In 1929, Tarsila made some sketches (Figure 7) that she used in Antropofagia (Figure 8). In the image two naked bodies can be seen, immersed in a high and exuberant tropical environment, human and vegetal morphology interacting (in the same way as in Abaporú). The atmosphere portrayed emitted an “involving warmth that consumes the main characters as well as the environment itself, achieving a formal permutation between man/nature[20].” The female figure came from A Negra of 1923 and the male silhouette from Abaporú of 1928, in a similar position but facing the other direction, like a mirror. The cut of the protagonists in first plane was accentuated by the choice of colors. The use of fleshy tones with shades of orange unified the couple that, from the expressive deformations in the relation of the size of their heads, bodies, legs and feet, recreated a dynamism of curves and counter curves with a background of deep greens. The sun ambiguously simulated a slice of orange or lemon, a star in the sky. The plain, serene and almost imperceptible fracture was, at the same time, exulting and sensitive, in the midst of a geometric drawing which evoked ghostly areas linked to the anthropophagic rite.


Actually, cultural anthropophagy paved the way for a radicalized vanguardism in which the break from artistic pre-established canons (a quest started by the modernists in the Week in 1922) and the polemic response revolving around an exotic representation of Brazil coincided. Tarsila’s painting, from its very title, referred to the mechanism of absorbing and assimilating the virtues of the enemy. Let us remember that this fact had negative connotations in the time of the conquest because the habits of the anthropophagic groups (according to the narrations of travelers) were appalling under the eyes of the Europeans, a perception that would be modified after the Freudian theories of instinct and the unconscious[21].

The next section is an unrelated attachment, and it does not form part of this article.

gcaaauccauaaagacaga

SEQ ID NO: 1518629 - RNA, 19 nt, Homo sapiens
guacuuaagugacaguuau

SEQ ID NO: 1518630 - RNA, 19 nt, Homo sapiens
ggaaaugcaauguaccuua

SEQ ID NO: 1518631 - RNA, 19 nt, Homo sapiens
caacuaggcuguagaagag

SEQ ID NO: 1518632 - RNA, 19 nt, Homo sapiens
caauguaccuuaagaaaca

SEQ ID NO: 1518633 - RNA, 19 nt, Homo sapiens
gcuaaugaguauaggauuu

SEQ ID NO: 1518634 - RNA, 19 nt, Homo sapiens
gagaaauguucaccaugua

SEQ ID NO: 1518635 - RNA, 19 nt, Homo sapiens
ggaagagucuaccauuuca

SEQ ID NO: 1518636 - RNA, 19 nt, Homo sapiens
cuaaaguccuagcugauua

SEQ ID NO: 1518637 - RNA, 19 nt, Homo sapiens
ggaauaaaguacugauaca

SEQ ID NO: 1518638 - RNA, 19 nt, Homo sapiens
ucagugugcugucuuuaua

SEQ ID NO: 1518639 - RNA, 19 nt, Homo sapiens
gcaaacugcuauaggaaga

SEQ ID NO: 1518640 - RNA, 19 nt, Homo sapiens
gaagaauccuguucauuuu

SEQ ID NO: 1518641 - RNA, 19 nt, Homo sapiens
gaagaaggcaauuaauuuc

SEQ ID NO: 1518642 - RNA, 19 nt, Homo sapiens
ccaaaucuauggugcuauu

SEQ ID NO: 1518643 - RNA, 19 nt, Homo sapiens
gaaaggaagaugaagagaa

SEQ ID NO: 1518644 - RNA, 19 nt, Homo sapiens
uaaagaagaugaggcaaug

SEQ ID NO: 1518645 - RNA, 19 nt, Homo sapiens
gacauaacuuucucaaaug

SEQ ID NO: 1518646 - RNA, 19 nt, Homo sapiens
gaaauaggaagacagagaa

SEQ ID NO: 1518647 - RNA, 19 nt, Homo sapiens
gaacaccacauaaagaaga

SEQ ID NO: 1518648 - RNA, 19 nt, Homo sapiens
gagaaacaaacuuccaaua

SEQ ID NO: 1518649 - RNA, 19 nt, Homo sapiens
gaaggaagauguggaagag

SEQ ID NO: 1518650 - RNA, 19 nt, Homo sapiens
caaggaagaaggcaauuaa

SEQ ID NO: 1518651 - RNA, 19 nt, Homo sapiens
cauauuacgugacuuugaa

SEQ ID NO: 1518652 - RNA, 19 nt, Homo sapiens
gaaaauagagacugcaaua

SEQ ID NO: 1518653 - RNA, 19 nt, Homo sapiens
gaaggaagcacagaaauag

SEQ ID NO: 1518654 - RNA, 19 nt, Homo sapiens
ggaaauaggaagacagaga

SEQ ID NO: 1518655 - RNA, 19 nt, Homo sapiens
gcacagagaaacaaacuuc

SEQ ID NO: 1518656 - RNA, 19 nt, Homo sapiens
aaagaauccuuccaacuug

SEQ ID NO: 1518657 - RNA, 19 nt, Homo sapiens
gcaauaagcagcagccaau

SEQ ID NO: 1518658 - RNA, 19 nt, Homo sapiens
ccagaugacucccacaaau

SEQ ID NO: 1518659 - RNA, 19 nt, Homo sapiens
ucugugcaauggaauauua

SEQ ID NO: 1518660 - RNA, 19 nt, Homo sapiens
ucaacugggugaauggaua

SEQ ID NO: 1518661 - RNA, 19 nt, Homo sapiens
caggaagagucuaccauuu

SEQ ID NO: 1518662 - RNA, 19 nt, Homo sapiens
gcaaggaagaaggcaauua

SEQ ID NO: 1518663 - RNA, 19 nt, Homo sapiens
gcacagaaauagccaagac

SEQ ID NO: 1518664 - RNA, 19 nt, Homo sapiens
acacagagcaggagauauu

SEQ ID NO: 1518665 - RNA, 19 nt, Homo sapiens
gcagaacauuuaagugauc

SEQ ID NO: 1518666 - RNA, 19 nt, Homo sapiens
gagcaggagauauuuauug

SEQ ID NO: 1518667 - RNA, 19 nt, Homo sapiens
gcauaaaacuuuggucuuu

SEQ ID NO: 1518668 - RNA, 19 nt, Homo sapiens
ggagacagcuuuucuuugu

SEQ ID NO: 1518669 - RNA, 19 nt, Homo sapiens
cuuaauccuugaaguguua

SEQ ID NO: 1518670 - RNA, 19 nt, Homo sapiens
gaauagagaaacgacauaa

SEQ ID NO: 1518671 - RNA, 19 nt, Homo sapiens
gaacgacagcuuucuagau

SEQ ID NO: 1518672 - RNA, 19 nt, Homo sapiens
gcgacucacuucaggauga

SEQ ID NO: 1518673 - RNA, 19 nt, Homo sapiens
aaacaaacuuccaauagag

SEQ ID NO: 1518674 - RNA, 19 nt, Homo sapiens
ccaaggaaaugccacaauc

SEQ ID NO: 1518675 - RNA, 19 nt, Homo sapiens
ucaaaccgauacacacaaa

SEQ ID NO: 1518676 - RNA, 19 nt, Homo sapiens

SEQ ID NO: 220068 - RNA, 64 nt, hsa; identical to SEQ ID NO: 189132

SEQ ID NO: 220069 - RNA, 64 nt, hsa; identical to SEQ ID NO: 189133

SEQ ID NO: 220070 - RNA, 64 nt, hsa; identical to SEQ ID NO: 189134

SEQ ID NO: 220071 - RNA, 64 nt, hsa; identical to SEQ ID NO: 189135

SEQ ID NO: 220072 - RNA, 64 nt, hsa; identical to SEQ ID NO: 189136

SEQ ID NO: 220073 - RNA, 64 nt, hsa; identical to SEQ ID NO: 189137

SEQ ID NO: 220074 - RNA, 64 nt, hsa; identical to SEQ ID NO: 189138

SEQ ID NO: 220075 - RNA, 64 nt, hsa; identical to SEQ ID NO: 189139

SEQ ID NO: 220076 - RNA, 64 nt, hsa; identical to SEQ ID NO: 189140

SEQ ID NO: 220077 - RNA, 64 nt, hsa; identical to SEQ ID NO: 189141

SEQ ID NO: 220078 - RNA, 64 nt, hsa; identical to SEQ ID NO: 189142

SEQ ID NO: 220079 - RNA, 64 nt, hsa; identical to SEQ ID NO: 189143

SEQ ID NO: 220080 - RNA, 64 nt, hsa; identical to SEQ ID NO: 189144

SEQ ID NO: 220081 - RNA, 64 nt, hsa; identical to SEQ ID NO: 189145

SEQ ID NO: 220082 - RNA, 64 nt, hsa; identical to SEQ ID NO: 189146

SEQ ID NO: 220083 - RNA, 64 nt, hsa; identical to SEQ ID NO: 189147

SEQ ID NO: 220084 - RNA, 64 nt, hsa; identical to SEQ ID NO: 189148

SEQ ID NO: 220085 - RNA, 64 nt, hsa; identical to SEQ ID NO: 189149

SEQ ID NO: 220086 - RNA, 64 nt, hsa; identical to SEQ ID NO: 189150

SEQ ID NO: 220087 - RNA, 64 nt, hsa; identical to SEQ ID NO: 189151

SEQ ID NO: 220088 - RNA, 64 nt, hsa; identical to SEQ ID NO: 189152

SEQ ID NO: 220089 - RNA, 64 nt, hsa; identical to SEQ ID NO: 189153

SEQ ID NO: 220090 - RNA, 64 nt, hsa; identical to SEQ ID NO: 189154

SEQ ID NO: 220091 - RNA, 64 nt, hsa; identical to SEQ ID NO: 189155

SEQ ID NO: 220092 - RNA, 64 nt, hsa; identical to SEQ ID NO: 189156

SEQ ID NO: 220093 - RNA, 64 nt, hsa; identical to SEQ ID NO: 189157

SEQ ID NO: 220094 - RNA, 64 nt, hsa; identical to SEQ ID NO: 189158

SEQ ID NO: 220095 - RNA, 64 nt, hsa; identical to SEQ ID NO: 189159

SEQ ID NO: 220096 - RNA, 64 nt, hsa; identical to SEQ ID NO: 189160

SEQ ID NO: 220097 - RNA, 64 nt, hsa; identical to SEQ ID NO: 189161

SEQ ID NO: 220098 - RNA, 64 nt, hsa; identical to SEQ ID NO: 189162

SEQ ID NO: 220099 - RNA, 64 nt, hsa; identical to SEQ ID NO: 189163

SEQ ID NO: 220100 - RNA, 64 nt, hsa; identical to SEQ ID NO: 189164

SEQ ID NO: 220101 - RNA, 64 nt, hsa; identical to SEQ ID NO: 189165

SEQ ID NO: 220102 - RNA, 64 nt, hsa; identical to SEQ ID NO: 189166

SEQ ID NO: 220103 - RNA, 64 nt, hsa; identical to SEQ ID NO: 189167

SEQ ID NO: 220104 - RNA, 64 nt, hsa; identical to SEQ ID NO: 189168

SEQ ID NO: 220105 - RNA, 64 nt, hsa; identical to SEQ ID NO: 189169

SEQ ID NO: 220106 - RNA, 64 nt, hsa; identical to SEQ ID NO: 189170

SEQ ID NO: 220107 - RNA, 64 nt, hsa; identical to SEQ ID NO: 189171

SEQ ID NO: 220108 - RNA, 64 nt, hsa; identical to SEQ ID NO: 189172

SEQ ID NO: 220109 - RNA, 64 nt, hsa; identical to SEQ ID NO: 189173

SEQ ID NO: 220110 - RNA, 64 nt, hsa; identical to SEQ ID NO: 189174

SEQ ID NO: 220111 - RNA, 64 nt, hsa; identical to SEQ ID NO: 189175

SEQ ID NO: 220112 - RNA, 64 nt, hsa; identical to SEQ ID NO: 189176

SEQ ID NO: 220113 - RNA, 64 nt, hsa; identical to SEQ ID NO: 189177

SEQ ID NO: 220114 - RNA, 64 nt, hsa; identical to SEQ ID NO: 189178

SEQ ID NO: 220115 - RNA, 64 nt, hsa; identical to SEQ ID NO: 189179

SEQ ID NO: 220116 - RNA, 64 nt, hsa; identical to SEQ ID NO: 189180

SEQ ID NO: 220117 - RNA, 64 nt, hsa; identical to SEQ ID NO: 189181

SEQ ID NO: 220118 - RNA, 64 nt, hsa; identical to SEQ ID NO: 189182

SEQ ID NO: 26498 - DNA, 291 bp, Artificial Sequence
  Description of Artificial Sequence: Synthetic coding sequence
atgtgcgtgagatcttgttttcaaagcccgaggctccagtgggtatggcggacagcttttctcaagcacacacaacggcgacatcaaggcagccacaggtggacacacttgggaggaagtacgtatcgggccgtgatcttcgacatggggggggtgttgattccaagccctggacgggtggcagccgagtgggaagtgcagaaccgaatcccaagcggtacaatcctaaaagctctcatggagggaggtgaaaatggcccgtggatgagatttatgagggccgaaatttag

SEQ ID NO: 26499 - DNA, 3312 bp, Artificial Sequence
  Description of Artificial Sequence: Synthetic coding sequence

Figure 7. Tarsila do Amaral,                                             Figure 8. Tarsila do Amaral,

Sketches on Anthropophagy,                                       Abaporú, oil on canvas, 1929.

Drawing, 1929.



In this case, Tarsila underlined the anthropophagic notion re-signifying the cannibalistic act, accentuating the processing and symbolic absorption as a factor of resistance to European hegemony, which it finally swallowed in a reaffirmation of the constant functions of life and death. The artist new the tacit link between anthropophagy and the Tupinambás[22], who established a relation between sacrificial food (anthropophagy), courage, and bravery. These natives were characterized by their intelligence and a constant inclination for war, which had a fundamental role for them, as it was considered a sacred attitude, reserved just for some. The bravery and the warlike attitude of the chief were deduced by the number of enemies he killed, who were afterwards eaten by the community in a ritual ceremony. In the graphic descriptions of the 16th century captured by Théodore de Bry, there were many scenes of these natives, taking prisoners and dismembering them so as to put them in a steaming pot, killing their victims with a voracious attitude, grilling the pieces of human bodies that would be avidly eaten by them, or left to the mercy of animals to be killed, as punishment. Said representations have promoted a partial and despotic construct, functional to the civilizing project and, therefore, arguable that, in its way, is confronted by the pictorial anthropophagy of Tarsila.